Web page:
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Sunday, May 1, 2005

CHANNEL SURF

Fuji TV's "Naruhodo the World" makes a brief comeback, and more

On Monday, TV Tokyo's business documentary series "Gaia no Yoake" (The Dawn of Gaia; 10 p.m.) will look at NEET, an acronym coined in England that stands for "not in education, employment or training," and which describes young adults who are neither in school or in the workforce.

According to the government, there are about 850,000 NEETs in Japan. The number is rising every year, and the social strain is serious enough to have prompted the Japanese government to approve an annual budget of 37 billion yen for measures to help young adults get out of the house and into a job.

Some of these measures involve schools that teach young people how to be independent, but they also include seminars for parents of NEETs who don't know how to talk to their children. The program looks at these measures and also explains the business environment that created the problem.


The original travel quiz show, "Naruhodo the World," which was one of the most popular TV series in the 1980s and early '90s, will make a brief comeback Wednesday night in a special two-and-a-half hour special (Fuji, 7 p.m.) hosted by comedy duo Bakusho Mondai.

Though derided in its day for its occasionally stereotyped reports on foreign lands and cultures, " Naruhodo" fueled a lot of wanderlust at a time when Japanese people started traveling abroad in larger numbers.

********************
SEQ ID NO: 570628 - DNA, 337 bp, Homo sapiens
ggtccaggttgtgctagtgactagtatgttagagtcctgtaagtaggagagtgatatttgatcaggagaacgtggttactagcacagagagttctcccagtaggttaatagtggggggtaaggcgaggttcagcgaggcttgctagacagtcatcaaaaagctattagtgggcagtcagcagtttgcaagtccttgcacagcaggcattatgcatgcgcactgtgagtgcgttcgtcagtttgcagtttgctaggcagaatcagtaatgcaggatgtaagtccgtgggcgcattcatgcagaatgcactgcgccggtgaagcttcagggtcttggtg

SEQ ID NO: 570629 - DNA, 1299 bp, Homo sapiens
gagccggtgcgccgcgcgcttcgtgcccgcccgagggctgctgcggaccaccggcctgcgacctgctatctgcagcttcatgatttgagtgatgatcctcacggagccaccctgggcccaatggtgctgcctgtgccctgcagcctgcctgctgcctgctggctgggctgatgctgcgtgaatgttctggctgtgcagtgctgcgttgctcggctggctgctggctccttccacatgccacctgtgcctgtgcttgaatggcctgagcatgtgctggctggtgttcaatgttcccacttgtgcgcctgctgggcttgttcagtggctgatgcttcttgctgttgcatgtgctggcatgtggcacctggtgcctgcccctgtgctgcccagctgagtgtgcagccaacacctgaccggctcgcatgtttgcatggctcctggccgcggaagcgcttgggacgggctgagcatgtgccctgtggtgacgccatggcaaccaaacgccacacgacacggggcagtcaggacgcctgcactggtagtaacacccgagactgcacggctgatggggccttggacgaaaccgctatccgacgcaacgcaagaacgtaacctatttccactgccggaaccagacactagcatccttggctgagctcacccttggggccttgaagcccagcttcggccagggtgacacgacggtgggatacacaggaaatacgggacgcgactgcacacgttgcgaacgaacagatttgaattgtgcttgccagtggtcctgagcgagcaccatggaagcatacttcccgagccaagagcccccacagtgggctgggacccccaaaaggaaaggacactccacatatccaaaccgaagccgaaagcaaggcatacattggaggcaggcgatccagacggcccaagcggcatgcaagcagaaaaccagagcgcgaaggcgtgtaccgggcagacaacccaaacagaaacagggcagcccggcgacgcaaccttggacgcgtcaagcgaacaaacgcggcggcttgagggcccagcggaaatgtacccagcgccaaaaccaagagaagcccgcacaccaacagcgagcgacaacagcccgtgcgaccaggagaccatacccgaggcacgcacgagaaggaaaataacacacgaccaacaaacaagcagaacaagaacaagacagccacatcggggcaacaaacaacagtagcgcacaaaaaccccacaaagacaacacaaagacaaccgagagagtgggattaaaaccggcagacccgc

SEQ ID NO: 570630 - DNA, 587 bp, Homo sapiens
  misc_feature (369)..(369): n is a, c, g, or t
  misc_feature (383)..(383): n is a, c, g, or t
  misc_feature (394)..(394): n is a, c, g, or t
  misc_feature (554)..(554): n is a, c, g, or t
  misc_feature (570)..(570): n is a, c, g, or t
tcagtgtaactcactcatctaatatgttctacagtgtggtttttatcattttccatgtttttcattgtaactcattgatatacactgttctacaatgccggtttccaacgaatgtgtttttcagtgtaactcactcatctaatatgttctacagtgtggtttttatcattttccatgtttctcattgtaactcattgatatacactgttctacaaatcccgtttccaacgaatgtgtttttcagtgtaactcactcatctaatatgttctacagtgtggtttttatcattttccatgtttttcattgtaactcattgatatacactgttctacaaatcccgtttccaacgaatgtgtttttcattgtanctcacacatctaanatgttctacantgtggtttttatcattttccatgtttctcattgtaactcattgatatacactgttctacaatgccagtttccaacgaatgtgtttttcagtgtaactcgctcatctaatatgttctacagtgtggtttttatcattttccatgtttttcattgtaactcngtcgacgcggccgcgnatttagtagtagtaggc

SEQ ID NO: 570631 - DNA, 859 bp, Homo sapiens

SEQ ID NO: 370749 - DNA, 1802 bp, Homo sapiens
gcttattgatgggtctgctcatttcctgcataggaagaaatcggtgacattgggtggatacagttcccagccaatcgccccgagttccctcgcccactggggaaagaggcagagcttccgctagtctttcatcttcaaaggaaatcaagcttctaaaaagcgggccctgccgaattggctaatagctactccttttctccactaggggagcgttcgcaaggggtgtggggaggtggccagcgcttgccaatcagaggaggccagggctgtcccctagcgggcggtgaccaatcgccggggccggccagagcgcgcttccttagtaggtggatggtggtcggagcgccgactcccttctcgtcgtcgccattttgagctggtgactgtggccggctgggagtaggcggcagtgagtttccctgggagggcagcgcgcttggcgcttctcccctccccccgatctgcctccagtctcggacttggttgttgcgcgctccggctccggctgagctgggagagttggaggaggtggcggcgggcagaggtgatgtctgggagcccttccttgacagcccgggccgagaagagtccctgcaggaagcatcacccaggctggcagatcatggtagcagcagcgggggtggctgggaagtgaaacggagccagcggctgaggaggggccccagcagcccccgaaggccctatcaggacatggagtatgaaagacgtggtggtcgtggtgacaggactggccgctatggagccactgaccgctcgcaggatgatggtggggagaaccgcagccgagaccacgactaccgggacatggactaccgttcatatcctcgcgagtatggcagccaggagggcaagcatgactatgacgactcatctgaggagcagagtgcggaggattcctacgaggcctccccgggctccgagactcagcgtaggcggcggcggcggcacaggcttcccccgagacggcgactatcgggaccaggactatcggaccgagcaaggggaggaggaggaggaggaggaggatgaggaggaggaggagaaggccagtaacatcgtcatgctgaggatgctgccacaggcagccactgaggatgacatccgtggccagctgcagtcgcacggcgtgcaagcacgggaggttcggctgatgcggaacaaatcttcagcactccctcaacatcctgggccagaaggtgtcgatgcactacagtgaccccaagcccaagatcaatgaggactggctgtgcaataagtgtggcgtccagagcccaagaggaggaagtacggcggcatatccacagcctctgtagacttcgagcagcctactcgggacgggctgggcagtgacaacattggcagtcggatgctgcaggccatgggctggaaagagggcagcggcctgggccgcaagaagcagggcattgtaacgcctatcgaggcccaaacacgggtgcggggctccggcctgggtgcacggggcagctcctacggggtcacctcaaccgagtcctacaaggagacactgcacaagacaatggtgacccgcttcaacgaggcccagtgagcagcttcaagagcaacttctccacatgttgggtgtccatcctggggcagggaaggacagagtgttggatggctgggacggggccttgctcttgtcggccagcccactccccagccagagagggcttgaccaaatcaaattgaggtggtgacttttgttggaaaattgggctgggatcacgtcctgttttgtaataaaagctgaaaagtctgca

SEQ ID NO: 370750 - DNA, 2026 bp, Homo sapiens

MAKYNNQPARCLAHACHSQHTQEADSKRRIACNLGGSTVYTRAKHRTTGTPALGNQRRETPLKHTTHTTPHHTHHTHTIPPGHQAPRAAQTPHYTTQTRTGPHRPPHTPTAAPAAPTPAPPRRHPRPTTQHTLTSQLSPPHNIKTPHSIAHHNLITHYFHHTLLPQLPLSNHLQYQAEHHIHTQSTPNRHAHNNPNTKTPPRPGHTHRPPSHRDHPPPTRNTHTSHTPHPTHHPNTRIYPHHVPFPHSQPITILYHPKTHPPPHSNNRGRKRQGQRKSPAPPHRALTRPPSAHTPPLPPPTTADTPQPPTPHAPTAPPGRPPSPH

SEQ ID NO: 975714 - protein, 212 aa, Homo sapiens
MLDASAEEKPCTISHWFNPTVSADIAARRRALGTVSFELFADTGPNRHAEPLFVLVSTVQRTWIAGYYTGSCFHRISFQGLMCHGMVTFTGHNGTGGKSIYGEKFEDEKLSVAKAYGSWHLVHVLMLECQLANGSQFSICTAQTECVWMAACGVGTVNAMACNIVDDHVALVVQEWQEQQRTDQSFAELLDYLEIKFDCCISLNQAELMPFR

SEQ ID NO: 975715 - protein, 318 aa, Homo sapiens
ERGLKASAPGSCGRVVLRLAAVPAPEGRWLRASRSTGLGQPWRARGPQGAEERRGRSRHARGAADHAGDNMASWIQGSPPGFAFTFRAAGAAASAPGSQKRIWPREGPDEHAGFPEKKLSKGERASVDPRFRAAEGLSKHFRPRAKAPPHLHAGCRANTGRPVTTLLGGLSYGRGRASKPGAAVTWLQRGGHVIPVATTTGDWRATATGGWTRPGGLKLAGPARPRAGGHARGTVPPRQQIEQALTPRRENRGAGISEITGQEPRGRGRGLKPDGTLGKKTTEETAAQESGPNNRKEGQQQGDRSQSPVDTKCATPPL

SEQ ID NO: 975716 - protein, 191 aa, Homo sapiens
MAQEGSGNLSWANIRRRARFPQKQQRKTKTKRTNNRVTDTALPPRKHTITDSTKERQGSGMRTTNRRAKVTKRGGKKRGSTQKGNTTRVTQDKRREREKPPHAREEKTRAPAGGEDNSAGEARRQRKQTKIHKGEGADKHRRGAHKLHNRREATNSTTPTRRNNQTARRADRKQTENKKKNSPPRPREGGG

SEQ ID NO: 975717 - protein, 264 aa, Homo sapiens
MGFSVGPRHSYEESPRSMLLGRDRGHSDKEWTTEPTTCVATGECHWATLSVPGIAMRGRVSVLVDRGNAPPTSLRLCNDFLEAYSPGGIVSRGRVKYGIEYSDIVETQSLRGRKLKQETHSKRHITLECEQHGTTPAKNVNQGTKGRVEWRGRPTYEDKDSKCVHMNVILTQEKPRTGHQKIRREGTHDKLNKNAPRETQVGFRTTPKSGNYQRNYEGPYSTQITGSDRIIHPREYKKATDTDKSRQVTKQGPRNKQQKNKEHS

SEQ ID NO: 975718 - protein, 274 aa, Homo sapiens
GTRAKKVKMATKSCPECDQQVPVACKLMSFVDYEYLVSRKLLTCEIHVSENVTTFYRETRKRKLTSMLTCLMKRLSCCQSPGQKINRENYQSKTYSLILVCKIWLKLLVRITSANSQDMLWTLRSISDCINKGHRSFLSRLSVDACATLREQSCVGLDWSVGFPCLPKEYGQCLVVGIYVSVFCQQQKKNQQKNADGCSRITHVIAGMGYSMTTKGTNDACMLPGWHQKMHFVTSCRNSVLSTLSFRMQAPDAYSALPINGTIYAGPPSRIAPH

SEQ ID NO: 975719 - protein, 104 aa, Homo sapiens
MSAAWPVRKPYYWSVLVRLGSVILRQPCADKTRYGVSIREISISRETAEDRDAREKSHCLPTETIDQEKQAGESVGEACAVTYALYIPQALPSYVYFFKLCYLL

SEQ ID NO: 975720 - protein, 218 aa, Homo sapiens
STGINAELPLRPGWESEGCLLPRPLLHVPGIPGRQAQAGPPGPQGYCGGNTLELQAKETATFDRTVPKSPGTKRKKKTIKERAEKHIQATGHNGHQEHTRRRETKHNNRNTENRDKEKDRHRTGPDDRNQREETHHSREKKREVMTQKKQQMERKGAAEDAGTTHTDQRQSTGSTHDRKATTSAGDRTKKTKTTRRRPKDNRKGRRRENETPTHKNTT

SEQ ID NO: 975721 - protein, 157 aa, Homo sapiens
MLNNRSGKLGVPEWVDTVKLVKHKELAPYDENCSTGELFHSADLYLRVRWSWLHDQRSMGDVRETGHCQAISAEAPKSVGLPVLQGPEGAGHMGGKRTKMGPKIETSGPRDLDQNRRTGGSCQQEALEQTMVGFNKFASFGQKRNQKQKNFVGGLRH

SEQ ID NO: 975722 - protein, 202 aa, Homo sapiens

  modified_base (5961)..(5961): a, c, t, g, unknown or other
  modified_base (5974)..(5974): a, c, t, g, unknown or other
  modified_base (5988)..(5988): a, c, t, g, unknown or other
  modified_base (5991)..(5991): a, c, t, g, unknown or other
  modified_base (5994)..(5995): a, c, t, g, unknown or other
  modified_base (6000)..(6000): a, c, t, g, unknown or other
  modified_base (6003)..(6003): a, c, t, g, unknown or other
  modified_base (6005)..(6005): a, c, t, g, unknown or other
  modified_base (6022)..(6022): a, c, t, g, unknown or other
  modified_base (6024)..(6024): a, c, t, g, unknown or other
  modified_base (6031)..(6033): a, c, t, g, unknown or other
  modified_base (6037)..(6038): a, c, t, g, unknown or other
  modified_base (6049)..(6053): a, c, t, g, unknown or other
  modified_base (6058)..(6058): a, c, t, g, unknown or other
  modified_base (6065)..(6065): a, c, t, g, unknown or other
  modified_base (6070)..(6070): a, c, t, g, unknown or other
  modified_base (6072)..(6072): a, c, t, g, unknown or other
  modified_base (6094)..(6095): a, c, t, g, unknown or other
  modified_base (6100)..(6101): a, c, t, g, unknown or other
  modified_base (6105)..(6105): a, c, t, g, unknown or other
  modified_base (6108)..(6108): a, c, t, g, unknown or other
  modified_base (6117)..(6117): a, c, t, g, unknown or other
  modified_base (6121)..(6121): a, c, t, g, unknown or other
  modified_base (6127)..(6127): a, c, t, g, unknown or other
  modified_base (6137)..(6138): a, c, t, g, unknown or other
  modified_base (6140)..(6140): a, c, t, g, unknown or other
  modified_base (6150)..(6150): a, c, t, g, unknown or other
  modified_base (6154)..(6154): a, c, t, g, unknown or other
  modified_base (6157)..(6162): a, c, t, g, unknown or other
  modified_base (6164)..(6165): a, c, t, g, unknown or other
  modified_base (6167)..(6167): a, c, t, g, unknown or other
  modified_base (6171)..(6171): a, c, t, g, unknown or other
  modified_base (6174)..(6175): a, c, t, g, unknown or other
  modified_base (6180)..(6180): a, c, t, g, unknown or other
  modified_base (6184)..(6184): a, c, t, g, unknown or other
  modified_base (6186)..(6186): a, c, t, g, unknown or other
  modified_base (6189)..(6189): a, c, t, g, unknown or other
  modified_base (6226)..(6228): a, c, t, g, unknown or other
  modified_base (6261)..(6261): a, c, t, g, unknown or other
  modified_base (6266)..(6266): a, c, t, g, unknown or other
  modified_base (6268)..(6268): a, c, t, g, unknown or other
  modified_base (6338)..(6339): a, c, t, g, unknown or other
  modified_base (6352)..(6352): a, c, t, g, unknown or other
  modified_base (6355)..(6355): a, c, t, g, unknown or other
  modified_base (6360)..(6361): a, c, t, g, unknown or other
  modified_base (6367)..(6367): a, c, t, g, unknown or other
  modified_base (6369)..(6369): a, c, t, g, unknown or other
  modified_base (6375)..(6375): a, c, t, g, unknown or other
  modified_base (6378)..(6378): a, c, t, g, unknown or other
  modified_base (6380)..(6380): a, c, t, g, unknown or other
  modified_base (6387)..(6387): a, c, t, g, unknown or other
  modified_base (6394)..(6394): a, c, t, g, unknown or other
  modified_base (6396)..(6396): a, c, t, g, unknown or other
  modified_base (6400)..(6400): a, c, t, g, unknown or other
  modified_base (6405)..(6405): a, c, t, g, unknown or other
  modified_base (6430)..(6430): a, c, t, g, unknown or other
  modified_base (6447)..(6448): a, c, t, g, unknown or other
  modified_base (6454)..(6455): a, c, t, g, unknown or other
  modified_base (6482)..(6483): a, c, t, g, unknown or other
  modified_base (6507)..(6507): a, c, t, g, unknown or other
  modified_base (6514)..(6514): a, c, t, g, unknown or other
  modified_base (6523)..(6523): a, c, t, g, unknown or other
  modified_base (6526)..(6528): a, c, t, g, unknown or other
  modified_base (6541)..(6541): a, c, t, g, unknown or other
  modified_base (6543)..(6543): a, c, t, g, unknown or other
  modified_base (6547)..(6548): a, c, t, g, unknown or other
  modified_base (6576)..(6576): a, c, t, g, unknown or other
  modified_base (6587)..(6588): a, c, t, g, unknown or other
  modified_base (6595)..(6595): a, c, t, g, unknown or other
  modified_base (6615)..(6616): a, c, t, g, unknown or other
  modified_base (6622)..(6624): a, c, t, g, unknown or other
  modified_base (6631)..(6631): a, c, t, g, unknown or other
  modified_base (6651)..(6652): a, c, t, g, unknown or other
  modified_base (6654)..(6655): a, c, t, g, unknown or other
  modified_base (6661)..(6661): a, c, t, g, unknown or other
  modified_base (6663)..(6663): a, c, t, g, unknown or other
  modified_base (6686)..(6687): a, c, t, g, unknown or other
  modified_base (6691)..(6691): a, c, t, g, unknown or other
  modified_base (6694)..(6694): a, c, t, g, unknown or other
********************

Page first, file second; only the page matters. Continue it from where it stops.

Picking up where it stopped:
Among the sequences included in the special will be actor Goshin Naito's visit to a large family in Missouri; "host club" comedian Hiroshi's trip to France, where he learns about an invention "that would even impress Edison"; and choreographer Kaba.chan's whirlwind tour of Macau.


This year marks the 60th anniversary of the end of the Pacific War. Ahead of the flood of commemorative specials that will air this summer, NHK is presenting a docudrama called "Bokyo" (Homesickness; NHK-G, Saturday, 9 p.m.) about a military doctor named Watanabe (Tomohiro Sekiguchi) who is captured by the Soviets in China in 1945.

Watanabe is sent to a Siberian labor camp with 20,000 other Japanese prisoners. The camp is already filled with Axis soldiers, and the doctor makes friends with one, who happens to be Romanian. A year later, the Romanian soldier is sent to a more remote camp, where, it is rumored, conditions are so harsh that everyone dies. Watanabe gives his friend all his clothing and in return the Romanian gives Watanabe an engagement ring he had intended for his fiancee.

The ring is eventually confiscated and Watanabe is released in 1947. He never forgets his friend, and in 1989, following the fall of Ceaucescu, Watanabe receives a letter from Romania.



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